Chris Simpson

Semper letteris mandate

Bonspiels

When it’s winter in Canada thoughts naturally turn to hockey. But in the prairies this passion is closely rivalled by the sport of curling.

BY CHRIS SIMPSON

“There was a little girl who had a little curl” – right in the middle of the “house.”

It’s bonspiel time again, there’s a lot of hurrying going on and it’s often pretty hard.

Although the origins are a bit vague, the game is believed to have started in Scotland, with the name coming from a combination of the Gaelic words “bonn,” meaning “coin” or “cornerstone,” and “speil,” meaning skate.

In any event, at some point in the distant past someone slid a rock across the ice and a new pastime was born.

The term “curling,” of course, comes from the efforts of players to “curl” the path of the stone so that it collides against those of an opponent knocking it out of the “house” – or series of rings at the other end of the ice.

While originating in Scotland, the largest competition is now held in Canada. The “Brier,” sanctioned by the Canadian Curling Association has been held here since 1927, when it was sponsored by Macdonald Tobacco. The name, Brier, was a brand of tobacco made for pipes. Macdonald also introduced the heart-shaped patches given to tournament winners as well as the British Consols Trophy, named after a brand of cigarettes. This was later changed to the now-familiar Brier Tankard Trophy.

When public opinion (and law) turned against tobacco sponsorship of events, Labbatt took over in 1980 with Nokia taking over in 2001. In 2005 Tim Horton’s became the Brier sponsor, probably one of the best corporate fits imaginable.

When looked at objectively, the game consists of sliding 40 pound chunks of granite down the ice with the intention of placing them as close to the centre of a painted target as possible while knocking opponents’ rocks away. What, exactly, is the motivation for such an activity?

“Well, there’s the competitiveness,” says Donna Wilhelm. “And the sociability. That’s how you meet people in your area, is through the curling. Because everybody used to — not now — but everyone used to curl and that’s how you met people. And it was a club also, so you did it for the club.”

Wilhelm is a past champion of curling in the region.

“We represented Swift Current at the time and we won the Saskatchewan provincials. Then we went to the finals in Whitehorse. That was the Swift Current Curling Club.”

Plenty of ice in Whitehorse, for sure. But what was it like?

“In Whitehorse we played against all the different provinces. It was fun. Very entertaining, challenging, competitive. It was just a real good experience. If you can get that far it’s really great.”

Her husband, Ron, also curled.

“Ron curled in Webb and we also curled in the mixed curling in Gull Lake. We took in all the bonspiels from Gull Lake to Swift Current to Simmie. And it was for fun.”

The refrain, “it was for fun” is common among curlers.

The only thing many people know about curling is the phrase “hurry hard,” which the skip (the captain of the team) may yell out to encourage the sweepers to sweep harder.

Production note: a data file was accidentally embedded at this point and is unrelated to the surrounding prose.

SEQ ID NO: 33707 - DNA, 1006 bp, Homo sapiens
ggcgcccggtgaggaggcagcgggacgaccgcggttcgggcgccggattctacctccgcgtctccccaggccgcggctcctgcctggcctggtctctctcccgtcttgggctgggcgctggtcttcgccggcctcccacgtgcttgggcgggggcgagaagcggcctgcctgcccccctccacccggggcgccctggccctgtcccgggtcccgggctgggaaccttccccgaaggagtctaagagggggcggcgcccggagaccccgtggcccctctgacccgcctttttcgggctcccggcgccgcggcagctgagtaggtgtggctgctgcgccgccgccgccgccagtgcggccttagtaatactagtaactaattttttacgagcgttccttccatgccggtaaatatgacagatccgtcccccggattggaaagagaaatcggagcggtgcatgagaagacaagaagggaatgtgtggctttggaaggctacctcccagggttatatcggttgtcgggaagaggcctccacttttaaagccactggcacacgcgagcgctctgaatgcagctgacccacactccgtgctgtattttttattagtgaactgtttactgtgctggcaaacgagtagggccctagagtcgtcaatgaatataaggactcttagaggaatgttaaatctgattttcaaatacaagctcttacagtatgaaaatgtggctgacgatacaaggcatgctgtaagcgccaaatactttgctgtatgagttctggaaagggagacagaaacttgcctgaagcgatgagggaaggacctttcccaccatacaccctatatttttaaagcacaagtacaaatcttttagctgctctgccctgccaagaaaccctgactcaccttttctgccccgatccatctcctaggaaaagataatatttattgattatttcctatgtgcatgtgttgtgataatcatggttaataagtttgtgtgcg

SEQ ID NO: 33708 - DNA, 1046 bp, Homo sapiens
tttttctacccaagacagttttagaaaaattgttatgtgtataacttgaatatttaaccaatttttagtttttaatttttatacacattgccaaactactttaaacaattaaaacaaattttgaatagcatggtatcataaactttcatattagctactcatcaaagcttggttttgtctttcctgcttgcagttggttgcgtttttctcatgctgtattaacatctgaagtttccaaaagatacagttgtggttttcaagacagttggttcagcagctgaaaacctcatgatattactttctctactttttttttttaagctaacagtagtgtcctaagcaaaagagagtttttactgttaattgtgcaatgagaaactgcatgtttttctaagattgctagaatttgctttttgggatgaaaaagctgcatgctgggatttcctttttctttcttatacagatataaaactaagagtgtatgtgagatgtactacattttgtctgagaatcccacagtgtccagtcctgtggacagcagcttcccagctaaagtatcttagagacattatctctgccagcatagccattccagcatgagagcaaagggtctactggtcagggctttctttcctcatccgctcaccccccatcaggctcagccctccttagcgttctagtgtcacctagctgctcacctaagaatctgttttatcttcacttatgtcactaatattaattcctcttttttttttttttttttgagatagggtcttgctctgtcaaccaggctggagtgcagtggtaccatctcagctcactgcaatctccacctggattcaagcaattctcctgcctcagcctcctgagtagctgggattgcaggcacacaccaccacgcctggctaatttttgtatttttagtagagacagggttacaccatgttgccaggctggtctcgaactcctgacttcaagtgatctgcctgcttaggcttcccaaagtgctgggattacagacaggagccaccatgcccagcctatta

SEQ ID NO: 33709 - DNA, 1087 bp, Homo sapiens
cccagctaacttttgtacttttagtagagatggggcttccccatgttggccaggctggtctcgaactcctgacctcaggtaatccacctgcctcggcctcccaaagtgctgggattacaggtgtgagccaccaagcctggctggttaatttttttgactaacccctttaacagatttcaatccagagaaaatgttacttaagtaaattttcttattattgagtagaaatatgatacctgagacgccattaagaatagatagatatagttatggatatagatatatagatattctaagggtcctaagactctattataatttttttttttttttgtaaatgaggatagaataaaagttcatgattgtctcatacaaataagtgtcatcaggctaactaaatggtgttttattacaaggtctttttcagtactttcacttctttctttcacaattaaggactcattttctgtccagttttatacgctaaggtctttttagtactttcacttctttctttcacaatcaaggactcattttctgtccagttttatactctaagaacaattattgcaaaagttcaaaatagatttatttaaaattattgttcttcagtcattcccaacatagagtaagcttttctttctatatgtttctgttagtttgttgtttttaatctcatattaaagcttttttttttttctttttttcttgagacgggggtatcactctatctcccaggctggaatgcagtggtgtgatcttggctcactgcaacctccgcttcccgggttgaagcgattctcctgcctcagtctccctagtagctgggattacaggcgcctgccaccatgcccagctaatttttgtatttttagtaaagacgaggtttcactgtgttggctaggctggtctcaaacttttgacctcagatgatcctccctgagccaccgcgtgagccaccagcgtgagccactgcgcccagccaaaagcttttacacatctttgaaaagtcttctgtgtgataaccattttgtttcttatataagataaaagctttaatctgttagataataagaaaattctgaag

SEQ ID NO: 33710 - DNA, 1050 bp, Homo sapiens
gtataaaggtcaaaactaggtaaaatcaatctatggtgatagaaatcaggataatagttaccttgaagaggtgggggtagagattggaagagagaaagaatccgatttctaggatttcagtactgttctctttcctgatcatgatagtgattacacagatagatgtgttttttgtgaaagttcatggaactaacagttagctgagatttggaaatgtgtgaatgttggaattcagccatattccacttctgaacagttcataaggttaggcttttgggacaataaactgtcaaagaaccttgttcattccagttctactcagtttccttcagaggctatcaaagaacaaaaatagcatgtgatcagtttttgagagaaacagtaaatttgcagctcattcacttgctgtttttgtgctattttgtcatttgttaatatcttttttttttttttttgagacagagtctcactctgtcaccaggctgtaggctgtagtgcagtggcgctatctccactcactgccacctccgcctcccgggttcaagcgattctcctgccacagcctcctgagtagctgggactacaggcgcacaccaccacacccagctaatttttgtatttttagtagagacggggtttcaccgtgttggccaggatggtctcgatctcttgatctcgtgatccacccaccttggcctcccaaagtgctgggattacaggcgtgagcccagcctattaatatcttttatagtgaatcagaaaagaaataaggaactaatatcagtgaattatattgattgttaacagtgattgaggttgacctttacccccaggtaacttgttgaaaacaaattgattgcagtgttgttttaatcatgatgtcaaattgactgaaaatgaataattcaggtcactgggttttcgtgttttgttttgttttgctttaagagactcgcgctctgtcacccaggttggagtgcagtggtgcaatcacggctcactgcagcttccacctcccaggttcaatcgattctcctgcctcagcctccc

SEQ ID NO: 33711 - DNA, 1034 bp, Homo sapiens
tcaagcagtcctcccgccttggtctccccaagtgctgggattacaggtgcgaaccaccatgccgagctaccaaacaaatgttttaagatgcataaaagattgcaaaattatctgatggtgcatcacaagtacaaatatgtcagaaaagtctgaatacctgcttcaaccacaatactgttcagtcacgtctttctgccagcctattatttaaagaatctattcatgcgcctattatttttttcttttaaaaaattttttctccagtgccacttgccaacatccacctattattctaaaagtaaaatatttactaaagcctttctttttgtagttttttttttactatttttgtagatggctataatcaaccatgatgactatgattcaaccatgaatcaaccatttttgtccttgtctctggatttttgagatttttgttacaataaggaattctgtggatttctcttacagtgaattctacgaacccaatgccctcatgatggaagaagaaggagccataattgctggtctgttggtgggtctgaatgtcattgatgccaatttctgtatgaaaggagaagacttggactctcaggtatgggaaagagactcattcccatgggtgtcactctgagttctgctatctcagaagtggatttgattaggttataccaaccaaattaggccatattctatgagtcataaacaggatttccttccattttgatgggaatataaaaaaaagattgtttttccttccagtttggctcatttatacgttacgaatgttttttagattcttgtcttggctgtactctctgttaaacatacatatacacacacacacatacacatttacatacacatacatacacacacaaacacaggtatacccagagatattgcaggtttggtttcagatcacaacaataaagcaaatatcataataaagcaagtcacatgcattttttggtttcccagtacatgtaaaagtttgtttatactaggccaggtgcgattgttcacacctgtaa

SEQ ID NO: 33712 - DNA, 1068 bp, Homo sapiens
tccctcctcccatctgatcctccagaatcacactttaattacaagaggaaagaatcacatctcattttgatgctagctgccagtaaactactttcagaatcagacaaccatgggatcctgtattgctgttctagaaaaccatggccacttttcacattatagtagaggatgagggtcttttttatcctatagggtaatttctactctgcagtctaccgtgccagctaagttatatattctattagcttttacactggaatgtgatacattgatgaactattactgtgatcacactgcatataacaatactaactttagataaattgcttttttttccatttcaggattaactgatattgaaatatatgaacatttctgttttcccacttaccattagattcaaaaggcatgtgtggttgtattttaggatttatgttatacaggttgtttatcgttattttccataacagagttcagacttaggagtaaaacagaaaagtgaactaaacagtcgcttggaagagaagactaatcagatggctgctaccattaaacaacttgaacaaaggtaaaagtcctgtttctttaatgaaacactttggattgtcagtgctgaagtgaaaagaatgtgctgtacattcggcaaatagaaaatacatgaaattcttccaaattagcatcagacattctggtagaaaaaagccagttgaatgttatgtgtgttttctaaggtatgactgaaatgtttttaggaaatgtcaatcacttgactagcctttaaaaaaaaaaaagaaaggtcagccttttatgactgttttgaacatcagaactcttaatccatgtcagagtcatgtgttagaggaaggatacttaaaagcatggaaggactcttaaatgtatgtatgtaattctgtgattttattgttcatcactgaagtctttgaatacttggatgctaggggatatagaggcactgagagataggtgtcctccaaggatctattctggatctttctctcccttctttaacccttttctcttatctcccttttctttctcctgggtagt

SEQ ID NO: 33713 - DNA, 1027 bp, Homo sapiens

Sweeping has to do with the unique surface of curling ice, which is of a slightly pebbled nature. Originally sweeping was done simply to clear the outdoor ice patch of debris. Once the sport moved to regular rinks, however, it was discovered that the sweeping action helps melt the very top surface of the pebbled ice, helping the rock to slide more smoothly over it. More recently a new style of sweeping, known as corner sweeping became popular. In this method the sweeper sweeps along the slow side of the path, thereby helping the rock run straighter.

Curling terminology is replete with arcane and imaginative terms. “Hurry hard” broke out of the confines of curling rinks when Canadian two-time world champion Russ Howard kept shouting it in his distinctly gravelly voice.

Less well-known terms, at least to the general public, include “lazy handle” (when the stone’s rotation is too slow), “swingy ice” (when ice causes the stones to curl more than usual) and “Burn” (when a stone in play is accidentally touched).

According to Gull Lake Memories, the first curling rink in Gull Lake was established either in 1921 or 1922, but was suspended around 1937 when the building was taken over by Pioneer Grain for storage. Curling returned to the centre portion of the building for the 1946-47 season and in 1950. When a new curling rink was constructed in 1966, the old one was dismantled.

In the book From Prairie Trails to Pavement, Hazel Adolph Diepen recalls the time before the Gull Lake rink was built.

“I loved to skate on the open-air ice rink in town where there was also a covered area for curling, a game enjoyed by the older generation.”

Regardless of which generation is curling, and these days it’s not just for older generations, there’s no question that curling is still alive and well in Gull Lake and surrounding areas. And as Donna Wilhelm says, it’s a good way to socialize, meet new people, and have some fun on the ice.

The bonspiel season is upon us, and it’s well worth while to take in one of the numerous games being held in the region.

Just don’t burn any rocks.

Originally published in The Gull Lake Advance, Feb. 12, 2013

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